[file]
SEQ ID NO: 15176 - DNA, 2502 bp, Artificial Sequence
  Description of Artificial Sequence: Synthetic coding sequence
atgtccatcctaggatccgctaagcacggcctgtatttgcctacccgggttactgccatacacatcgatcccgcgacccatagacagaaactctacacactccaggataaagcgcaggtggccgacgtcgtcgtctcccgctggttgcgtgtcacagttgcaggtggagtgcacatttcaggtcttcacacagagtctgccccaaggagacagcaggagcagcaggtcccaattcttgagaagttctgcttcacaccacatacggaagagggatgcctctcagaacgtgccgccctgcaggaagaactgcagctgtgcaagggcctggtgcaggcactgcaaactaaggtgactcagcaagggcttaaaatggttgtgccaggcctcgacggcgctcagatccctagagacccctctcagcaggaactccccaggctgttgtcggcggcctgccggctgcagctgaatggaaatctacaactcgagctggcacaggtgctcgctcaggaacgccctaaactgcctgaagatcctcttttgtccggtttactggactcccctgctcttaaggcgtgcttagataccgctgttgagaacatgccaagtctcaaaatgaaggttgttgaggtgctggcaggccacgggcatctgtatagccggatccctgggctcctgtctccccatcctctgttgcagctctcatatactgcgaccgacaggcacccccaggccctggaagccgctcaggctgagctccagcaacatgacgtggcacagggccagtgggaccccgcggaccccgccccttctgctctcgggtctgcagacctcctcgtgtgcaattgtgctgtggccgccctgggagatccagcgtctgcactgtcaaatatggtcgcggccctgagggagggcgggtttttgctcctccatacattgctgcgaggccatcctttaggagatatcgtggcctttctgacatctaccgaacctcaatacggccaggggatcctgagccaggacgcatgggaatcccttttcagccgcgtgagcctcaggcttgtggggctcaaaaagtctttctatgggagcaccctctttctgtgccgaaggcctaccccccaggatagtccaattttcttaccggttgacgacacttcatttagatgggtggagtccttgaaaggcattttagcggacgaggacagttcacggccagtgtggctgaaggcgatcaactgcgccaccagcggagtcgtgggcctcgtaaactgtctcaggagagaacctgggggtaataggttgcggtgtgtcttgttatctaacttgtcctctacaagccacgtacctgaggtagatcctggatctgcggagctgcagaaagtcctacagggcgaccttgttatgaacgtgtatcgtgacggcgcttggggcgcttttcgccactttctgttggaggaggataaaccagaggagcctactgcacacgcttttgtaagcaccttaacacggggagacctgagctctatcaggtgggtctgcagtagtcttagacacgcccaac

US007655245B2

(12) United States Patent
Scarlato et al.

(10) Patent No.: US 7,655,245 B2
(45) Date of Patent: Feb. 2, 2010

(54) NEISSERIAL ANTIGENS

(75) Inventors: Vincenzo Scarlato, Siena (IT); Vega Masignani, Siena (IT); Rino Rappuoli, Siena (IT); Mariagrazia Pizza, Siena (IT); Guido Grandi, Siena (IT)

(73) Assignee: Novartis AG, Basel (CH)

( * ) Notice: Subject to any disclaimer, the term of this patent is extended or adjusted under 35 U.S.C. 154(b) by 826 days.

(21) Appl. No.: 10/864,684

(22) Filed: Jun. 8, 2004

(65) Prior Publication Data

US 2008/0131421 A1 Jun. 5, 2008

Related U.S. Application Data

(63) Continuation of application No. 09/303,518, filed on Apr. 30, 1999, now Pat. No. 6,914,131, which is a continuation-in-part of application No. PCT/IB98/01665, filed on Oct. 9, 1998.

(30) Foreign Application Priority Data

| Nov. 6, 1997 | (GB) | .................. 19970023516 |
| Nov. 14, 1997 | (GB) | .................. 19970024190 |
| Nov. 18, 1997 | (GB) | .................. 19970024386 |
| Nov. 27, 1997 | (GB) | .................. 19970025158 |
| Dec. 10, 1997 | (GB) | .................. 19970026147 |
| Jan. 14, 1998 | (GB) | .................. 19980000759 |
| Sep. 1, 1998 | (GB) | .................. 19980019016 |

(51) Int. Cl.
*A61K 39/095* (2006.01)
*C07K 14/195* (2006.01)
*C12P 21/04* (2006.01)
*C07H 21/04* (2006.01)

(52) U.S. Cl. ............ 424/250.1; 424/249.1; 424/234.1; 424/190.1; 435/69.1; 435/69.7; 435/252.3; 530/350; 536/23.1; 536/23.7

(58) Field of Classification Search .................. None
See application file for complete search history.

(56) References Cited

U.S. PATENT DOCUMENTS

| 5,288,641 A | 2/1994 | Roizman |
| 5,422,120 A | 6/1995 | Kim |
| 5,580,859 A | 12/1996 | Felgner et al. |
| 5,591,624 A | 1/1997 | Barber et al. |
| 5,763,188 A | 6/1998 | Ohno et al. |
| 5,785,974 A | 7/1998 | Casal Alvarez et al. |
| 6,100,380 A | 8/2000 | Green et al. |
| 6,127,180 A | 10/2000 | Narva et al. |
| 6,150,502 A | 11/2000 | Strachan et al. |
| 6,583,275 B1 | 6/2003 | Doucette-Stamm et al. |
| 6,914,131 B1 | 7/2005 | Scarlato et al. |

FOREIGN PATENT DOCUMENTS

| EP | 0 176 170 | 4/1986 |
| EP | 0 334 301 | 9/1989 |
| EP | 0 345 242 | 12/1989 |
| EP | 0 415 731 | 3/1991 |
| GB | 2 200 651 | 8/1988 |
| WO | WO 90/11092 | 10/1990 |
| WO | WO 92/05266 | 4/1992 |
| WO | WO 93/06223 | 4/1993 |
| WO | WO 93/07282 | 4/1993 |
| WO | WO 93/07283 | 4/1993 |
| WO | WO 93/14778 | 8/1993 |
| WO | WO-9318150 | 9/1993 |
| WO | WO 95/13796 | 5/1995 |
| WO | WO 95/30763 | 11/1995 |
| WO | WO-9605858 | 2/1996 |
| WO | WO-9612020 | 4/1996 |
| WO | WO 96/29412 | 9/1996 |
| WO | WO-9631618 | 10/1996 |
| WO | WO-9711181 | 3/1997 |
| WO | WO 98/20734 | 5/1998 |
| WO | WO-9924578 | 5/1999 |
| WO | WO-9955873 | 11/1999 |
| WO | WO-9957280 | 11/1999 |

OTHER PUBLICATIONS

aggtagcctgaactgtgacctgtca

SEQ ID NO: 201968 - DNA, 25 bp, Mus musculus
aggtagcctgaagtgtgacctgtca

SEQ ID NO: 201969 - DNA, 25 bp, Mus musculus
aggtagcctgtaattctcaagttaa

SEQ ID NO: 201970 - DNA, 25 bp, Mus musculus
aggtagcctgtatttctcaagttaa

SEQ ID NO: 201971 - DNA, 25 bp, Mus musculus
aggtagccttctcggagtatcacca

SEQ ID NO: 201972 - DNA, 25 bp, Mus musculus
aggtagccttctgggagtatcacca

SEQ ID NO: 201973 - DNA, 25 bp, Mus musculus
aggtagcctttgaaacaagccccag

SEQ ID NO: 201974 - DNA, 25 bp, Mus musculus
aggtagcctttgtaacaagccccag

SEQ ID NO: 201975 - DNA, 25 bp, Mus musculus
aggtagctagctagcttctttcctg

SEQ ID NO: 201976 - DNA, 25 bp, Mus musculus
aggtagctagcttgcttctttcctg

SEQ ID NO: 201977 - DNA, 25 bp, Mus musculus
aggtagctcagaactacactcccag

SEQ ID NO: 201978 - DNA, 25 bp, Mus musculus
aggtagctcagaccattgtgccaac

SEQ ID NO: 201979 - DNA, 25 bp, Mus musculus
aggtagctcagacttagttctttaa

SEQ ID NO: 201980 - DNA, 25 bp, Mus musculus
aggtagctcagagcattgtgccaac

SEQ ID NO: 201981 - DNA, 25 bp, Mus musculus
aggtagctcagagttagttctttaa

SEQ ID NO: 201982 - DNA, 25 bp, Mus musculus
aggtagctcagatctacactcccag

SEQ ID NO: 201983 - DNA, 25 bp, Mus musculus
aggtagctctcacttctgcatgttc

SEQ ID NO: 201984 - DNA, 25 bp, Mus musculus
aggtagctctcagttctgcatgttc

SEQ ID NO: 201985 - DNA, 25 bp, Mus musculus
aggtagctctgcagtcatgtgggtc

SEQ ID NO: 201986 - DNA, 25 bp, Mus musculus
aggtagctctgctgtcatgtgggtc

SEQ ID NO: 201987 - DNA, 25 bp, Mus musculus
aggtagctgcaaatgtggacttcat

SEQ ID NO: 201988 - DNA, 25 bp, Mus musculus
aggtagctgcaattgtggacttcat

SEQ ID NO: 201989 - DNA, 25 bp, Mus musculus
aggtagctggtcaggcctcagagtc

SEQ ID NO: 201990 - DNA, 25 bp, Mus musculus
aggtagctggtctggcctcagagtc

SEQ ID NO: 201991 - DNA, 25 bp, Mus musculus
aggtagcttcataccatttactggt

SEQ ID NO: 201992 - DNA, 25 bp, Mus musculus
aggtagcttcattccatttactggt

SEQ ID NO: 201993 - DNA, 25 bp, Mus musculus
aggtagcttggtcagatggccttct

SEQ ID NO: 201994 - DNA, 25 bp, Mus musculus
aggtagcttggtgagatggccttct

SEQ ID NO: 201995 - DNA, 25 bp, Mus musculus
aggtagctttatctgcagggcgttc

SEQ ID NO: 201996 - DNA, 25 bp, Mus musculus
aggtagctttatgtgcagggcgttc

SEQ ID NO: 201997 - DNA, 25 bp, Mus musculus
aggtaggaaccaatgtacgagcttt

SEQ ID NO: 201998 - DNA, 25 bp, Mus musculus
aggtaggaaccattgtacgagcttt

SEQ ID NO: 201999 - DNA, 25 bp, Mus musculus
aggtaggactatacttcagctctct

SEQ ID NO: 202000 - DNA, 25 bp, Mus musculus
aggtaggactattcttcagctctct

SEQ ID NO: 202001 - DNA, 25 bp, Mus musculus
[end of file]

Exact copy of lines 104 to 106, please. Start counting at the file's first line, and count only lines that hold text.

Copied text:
SEQ ID NO: 201983 - DNA, 25 bp, Mus musculus
aggtagctctcacttctgcatgttc

SEQ ID NO: 201984 - DNA, 25 bp, Mus musculus